Health Features

Senior Health

You know what they say: It’s a bear getting old, but it beats the alternative. And if you really want to look at the glass half full, you would admit that we’re pretty lucky to live during a time and in a place where medical innovation moves at relative lightening speed. If you don’t believe it, read on.

regenerative medicine
Placing the patient’s blood or fat cells into a painful joint to reverse the effects of osteoarthritis and prevent surgery sounds like science fiction, doesn’t it? But like so many medical developments, it has sped into the realm of accepted practice.

changing the status quo
“Regenerative therapies are changing the way we repair joint pain,” says Dr. David Crane, a regenerative orthopedic specialist at Blue Tail Medical Group in Chesterfield. “The stem cells regulate the chronic inflammation, which helps keep the cartilage nutrition healthy,” he says.

“More providers are becoming proficient at regenerative medicine, and the body of evidence showing its benefits is growing as well,” says Doug Bouldin, a certified nurse practitioner and partner at the Ozzie Smith IMAC Regeneration Center in Creve Coeur. The center is affiliated with the Integrated Medicine and Chiropractic Regeneration Center in Paducah, Kentucky. Regenerative treatment of a knee can cost one-tenth as much as a joint replacement, Bouldin adds.

Not long ago, scientists believed that embryonic tissues were the largest source of precursor cells, or stem cells. But then stem cells were found in therapeutically usable volumes in adult tissues, too. Their remarkable nature is due to the potential to develop into many different cell types, in essence replenishing other cells.

the aches and pains of age
“People can experience joint pain because of osteoarthritis, which can be a wear-and-tear issue or can be precipitated by a traumatic event,” Bouldin says. Human knees are particularly prone to arthritis, and for decades the inevitable treatment was replacement with an artificial joint.

“The advice used to be to wait until the joint pain gets as bad as possible, then have your knee replaced,” Crane says. “Now we try to catch it early, when the joint first begins to lose its structural stability.”

The knee, however, needs two years to renew itself with its own natural resources, Crane adds. “It has only so many reparative cells at its disposal, and your joint will degenerate if you don’t have enough local resources for the repair. If we catch arthritis early, regenerative therapy is usually very good at keeping you from needing a joint replacement.”

The innovative field has come a long way, Crane notes. “When we started with regenerative therapies 12 years ago, we had only platelet-rich plasma (PRP). Now we have the gamut from PRP to bone marrow autograft to fat-derived stem cells.

how it works
“PRP is derived from the patient,” Bouldin says. “A blood sample is spun in a centrifuge and the platelets are harvested. These contain blood-clotting, anti-inflammatory factors and growth factors that help heal and repair damage.”

Obtaining bone marrow stem cells involves drawing the cells through a needle inserted into the pelvis, Crane says. Surprisingly, belly fat is our friend here, because it’s one of our biggest stem cell reservoirs, he adds.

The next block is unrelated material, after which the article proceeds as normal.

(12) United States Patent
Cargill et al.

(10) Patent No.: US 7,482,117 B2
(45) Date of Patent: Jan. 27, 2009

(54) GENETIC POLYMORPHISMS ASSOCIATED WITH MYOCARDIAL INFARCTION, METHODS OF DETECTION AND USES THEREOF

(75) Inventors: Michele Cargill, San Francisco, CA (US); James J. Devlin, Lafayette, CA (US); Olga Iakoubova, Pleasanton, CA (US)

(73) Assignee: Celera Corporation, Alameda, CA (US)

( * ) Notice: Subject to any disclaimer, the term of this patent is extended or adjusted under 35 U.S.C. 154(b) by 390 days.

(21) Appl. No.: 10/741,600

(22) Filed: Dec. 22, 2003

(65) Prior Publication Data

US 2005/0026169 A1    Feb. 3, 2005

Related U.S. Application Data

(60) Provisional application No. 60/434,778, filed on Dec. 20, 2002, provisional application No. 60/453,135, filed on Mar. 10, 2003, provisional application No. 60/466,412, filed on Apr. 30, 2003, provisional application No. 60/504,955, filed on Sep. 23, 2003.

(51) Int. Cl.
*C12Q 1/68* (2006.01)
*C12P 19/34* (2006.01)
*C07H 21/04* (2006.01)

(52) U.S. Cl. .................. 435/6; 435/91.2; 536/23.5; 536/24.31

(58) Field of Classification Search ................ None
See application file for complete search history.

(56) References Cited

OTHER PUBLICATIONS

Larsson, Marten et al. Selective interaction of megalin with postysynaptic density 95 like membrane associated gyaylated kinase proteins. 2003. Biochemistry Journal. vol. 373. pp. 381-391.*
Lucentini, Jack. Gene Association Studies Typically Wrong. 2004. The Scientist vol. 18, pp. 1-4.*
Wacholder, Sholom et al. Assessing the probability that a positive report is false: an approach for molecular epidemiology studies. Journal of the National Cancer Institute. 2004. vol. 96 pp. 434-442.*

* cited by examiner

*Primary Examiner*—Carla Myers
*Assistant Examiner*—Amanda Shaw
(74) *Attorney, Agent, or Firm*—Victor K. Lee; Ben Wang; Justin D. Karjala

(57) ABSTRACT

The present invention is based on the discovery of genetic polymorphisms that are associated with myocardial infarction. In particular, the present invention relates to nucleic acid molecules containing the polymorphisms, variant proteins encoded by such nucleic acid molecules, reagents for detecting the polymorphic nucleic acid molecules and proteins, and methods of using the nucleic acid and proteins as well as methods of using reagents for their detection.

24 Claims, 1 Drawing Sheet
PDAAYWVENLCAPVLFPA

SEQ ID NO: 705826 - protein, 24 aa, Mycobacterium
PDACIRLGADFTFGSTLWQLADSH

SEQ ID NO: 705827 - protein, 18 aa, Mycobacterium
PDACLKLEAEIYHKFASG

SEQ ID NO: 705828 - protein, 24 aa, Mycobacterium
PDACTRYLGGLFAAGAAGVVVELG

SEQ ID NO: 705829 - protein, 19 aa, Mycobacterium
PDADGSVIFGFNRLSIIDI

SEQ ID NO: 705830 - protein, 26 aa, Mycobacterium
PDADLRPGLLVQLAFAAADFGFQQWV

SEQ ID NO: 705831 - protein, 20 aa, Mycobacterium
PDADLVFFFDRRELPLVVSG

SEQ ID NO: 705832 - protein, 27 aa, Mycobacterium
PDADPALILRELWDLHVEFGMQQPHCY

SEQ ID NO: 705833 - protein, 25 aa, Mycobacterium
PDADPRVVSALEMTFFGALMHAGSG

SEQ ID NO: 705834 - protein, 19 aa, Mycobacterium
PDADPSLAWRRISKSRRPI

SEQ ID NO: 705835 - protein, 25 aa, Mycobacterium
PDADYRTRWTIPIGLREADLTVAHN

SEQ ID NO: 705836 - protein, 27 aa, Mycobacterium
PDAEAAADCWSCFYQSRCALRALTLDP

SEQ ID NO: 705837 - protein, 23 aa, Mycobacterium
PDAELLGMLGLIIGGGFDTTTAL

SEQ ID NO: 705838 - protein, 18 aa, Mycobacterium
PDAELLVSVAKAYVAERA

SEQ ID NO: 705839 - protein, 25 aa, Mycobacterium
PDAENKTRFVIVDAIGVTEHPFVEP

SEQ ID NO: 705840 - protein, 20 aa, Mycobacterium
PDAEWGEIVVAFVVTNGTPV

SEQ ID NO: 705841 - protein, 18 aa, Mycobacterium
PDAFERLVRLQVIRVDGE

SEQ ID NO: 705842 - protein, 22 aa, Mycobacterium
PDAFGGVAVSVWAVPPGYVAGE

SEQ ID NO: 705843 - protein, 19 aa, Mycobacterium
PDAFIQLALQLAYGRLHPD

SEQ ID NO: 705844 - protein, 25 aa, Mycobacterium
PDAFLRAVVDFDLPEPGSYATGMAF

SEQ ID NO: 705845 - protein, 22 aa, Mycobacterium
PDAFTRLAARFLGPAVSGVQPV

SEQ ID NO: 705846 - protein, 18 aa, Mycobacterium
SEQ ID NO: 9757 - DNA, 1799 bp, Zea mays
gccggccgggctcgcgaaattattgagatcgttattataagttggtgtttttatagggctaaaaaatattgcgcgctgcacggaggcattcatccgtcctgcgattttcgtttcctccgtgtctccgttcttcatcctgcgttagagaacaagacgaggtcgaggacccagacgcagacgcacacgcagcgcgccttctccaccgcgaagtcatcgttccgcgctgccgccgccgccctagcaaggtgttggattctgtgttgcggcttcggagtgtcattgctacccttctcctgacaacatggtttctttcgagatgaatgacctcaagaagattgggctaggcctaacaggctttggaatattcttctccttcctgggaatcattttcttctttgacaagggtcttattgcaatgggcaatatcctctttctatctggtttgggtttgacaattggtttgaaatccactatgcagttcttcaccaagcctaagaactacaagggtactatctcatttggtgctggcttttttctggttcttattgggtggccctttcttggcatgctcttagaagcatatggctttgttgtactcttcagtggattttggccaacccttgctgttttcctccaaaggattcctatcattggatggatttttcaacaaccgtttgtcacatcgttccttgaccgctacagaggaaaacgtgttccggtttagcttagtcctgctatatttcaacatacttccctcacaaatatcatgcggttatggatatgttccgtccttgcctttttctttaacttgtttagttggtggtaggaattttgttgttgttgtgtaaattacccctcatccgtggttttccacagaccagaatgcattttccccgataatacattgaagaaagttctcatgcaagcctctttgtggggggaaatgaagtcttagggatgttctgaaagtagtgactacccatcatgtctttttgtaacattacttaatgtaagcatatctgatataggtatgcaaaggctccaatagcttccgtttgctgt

“Those cells are derived from adipose tissue in the abdomen through a mini-liposuction,” Bouldin explains. “The cells are processed the same day and then injected back into the patient. The benefit they provide is a higher degree of regeneration.”

The source used for stem cells is determined by which joint needs treatment and the stage of arthritis development. The cells are injected into the injured joint, usually under a local or topical anesthetic. “Most people experience anti-inflammatory response within a few days,” Bouldin says.

kidney stones
In your middle years of life, it becomes increasingly likely that you are going to get stoned. Painfully. Kidney stones are a common event, necessitating trips to the emergency room and days (at least) of painful waiting for something the size of a grain of sand to ‘pass.’ What gives?

why me?
Health issues arising during the later years may indirectly be responsible for these pesky little granules. “One in 11 Americans will have kidney stones during their lives,” says Dr. Alana Desai, assistant professor of urologic surgery at Washington University School of Medicine. “The incidence is rising globally because people are becoming more overweight, their lifestyles are more sedentary, and they are more dehydrated.”

Adds Dr. Sophia Ford-Glanton, a SLUCare urologist at SSM Health Saint Louis University Hospital, “The elderly may be more predisposed because they may not drink enough fluid or may have more salt in their diet. They may be cutting back on fluids because they do not want to go to the bathroom as frequently, or a medication could be affecting them.

hard as a rock
Kidney stones are composed of minerals that usually remain diluted and pass from the body in urine. “Kidney stones are collections of debris that coalesce,” explains Ford-Glanton. Some stones are not painful because they’re not moving from the kidneys. “The ones that cause pain block the ureter, the tube that connects the kidney to the bladder,” she says. “Because the kidney is still making urine and the stone is backing urine up into the kidney, that distension and pressure causes a lot of pain.”